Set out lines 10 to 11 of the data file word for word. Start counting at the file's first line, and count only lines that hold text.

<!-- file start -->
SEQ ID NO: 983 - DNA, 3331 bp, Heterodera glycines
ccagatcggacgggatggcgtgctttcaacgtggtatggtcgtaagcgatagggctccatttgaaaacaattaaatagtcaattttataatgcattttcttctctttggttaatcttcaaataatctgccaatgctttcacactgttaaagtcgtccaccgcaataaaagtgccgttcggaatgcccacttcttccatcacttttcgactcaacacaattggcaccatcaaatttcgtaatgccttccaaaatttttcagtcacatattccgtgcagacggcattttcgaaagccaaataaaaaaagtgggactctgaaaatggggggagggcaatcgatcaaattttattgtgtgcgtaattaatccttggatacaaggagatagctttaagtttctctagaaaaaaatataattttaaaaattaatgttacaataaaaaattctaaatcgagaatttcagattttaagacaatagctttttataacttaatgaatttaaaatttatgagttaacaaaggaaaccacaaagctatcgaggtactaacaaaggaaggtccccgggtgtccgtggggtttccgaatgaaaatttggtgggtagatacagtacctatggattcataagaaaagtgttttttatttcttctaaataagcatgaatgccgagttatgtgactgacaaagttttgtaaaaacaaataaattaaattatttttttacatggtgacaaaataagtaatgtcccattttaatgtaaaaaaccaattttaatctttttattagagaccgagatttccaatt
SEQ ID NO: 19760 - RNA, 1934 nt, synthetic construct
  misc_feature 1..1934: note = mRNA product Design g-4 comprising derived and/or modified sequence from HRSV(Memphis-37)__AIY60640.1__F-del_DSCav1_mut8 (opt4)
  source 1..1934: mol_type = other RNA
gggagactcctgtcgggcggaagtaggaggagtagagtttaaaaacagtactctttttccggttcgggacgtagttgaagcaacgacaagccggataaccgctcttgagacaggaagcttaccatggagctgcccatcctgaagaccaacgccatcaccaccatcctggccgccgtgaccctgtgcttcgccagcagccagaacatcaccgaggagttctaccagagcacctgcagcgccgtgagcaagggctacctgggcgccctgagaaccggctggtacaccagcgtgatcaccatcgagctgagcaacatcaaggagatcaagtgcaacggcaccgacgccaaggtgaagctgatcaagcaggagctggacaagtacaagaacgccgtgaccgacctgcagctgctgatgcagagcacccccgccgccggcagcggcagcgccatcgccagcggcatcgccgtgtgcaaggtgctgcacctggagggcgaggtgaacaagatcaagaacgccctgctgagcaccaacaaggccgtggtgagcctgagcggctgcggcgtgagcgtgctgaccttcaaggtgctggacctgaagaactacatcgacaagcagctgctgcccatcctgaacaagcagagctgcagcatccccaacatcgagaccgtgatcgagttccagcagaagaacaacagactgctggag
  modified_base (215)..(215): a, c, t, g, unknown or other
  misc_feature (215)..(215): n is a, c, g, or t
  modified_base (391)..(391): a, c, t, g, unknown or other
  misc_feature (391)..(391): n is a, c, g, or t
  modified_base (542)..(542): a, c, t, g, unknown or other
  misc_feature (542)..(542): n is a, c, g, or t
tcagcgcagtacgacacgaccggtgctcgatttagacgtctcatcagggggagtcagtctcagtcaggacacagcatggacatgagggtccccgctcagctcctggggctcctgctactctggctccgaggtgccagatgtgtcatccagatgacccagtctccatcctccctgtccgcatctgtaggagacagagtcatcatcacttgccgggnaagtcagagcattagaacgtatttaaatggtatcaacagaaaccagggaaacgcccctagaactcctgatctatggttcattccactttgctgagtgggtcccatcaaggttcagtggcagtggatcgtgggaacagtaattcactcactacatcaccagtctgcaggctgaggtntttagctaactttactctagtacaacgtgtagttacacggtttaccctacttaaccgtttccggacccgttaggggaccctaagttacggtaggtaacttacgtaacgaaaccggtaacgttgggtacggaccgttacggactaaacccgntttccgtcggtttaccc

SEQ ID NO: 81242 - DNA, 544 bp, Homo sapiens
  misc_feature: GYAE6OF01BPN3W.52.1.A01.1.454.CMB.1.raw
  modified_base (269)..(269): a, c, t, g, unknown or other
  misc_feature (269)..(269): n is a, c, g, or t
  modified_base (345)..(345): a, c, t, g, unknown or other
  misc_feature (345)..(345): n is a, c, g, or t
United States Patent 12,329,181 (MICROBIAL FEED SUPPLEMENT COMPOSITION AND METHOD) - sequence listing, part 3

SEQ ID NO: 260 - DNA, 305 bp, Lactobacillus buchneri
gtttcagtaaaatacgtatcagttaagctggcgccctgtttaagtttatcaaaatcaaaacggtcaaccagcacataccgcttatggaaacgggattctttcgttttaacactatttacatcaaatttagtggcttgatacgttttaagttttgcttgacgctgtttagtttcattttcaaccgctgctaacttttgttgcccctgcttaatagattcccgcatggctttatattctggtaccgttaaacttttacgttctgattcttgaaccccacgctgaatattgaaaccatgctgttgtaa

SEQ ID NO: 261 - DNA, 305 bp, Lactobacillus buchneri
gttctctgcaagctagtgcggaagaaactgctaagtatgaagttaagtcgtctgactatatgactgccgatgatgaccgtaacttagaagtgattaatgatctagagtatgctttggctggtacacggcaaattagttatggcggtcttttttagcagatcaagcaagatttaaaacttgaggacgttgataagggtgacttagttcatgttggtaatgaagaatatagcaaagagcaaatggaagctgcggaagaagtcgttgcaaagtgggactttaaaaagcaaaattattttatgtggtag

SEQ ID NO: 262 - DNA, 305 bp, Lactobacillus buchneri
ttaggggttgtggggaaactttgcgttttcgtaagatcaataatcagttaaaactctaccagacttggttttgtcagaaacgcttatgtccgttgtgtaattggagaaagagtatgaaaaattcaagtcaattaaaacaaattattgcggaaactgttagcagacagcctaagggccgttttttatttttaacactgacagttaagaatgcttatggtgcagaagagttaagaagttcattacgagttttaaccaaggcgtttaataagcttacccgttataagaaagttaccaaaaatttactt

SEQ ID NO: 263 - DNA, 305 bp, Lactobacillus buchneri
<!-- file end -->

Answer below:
  misc_feature (391)..(391): n is a, c, g, or t
  modified_base (542)..(542): a, c, t, g, unknown or other